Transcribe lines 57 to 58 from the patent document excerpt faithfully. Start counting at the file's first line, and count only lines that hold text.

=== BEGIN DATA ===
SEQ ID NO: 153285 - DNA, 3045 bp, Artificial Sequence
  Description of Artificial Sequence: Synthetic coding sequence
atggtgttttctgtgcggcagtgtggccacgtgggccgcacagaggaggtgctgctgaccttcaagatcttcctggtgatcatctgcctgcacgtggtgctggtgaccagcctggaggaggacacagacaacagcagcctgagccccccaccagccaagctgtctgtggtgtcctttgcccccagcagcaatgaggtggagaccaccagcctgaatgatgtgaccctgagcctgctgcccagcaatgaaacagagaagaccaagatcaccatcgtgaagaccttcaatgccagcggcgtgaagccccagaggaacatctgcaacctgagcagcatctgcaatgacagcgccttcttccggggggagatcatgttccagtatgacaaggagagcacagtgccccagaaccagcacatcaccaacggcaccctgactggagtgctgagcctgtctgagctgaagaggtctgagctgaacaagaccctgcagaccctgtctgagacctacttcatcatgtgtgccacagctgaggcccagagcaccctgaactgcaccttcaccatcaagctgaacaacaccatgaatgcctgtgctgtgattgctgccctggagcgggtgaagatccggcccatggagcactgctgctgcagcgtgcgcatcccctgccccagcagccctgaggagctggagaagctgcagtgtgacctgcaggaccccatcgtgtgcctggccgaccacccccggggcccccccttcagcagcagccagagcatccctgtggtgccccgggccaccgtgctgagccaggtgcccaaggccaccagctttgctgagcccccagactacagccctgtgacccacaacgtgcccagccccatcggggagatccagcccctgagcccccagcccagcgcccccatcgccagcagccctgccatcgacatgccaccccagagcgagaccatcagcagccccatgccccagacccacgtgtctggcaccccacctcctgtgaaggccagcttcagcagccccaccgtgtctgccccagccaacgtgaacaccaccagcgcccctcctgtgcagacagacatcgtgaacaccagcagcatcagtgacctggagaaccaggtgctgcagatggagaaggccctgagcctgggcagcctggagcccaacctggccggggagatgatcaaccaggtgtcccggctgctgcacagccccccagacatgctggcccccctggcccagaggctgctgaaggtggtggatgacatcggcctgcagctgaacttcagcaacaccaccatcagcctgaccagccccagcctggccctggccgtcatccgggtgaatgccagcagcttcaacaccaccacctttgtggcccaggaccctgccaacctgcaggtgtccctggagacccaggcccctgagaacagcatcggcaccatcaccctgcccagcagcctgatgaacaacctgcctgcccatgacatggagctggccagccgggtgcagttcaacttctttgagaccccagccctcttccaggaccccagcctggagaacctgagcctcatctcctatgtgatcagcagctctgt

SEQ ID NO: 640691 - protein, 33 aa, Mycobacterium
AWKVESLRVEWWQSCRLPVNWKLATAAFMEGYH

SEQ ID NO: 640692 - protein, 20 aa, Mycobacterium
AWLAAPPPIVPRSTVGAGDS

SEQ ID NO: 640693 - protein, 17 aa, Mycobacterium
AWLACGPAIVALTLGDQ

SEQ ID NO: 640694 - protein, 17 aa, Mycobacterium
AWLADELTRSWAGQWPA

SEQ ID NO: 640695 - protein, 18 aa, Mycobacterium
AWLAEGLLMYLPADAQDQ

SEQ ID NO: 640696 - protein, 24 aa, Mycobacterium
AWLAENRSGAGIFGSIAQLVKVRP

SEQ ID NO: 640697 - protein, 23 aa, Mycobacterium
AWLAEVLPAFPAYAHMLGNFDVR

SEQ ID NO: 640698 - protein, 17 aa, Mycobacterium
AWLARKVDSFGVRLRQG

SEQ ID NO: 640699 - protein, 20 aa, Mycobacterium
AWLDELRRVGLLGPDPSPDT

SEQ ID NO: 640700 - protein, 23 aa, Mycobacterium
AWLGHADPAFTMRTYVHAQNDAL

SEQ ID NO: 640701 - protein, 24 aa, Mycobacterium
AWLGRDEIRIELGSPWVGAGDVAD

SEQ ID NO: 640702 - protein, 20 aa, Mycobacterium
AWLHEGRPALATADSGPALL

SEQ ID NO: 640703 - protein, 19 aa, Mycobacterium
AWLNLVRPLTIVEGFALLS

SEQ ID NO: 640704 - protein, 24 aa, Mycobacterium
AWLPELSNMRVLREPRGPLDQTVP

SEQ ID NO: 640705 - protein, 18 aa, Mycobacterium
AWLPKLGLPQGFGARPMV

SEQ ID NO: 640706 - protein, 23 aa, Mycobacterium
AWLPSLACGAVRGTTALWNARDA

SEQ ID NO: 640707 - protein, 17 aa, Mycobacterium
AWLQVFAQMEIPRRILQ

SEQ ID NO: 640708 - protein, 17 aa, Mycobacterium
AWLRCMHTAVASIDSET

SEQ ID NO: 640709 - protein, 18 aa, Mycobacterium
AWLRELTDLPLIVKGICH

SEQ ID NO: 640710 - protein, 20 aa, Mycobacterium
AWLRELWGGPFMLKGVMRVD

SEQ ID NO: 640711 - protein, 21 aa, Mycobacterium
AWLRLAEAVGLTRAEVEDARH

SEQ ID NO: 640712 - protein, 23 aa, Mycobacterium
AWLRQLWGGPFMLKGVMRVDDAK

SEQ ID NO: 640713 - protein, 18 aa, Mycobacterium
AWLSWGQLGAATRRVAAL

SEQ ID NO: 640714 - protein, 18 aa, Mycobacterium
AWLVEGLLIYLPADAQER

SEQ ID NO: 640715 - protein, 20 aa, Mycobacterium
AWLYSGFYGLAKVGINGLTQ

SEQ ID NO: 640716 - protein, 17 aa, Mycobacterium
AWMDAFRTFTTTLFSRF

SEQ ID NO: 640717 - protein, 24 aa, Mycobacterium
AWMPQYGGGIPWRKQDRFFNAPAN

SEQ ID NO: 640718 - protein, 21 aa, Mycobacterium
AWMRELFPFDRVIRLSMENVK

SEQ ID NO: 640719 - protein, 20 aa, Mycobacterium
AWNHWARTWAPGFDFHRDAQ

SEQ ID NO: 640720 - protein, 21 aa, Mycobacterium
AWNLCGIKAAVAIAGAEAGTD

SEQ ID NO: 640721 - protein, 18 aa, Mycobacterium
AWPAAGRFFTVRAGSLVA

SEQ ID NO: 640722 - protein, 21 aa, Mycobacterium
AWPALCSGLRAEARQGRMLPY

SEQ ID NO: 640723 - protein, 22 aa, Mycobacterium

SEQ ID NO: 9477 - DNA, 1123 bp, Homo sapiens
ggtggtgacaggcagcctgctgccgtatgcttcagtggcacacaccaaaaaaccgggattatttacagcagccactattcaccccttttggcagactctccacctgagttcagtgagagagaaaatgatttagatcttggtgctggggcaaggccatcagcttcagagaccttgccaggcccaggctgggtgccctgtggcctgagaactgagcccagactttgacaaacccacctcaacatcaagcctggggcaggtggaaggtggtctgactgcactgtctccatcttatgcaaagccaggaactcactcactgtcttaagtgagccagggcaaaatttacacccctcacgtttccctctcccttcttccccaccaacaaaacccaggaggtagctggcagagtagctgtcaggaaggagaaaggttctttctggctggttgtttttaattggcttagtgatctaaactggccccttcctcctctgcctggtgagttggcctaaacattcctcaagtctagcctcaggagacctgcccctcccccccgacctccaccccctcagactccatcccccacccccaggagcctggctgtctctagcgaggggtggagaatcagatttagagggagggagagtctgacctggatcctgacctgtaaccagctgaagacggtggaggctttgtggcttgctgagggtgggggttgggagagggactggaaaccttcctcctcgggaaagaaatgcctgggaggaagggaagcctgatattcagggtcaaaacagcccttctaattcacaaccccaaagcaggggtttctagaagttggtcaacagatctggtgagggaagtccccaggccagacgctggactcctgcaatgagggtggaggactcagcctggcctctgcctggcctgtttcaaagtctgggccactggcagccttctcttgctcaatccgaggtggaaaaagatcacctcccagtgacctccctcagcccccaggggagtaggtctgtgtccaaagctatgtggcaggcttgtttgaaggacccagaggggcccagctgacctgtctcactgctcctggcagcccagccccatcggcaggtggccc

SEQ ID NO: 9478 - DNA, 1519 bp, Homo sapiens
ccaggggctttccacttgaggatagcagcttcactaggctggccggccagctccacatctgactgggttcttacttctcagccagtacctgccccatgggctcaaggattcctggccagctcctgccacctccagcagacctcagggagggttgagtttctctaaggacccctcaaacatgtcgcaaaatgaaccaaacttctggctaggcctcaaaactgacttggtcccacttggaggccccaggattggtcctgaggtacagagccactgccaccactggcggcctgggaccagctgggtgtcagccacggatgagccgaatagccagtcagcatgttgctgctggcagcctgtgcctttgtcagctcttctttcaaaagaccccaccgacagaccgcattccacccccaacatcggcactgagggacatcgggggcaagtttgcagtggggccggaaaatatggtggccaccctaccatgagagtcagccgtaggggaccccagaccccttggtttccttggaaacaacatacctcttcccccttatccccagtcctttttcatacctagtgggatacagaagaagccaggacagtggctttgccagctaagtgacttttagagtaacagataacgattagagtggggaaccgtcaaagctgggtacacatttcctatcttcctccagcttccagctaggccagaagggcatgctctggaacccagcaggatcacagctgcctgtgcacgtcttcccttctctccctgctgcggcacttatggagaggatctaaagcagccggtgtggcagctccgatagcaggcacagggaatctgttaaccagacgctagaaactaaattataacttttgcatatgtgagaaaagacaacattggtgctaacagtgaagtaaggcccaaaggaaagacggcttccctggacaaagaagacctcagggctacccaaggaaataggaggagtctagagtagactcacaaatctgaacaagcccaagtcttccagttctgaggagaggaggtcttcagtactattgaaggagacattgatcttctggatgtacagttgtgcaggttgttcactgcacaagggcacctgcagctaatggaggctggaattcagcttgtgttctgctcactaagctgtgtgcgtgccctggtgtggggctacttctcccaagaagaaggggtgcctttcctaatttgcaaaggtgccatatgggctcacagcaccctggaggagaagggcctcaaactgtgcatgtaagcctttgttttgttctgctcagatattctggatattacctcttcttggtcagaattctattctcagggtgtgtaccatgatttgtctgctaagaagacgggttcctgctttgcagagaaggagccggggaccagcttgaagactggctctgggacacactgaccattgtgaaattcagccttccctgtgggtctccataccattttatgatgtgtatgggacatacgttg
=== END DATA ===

AWMPQYGGGIPWRKQDRFFNAPAN

SEQ ID NO: 640718 - protein, 21 aa, Mycobacterium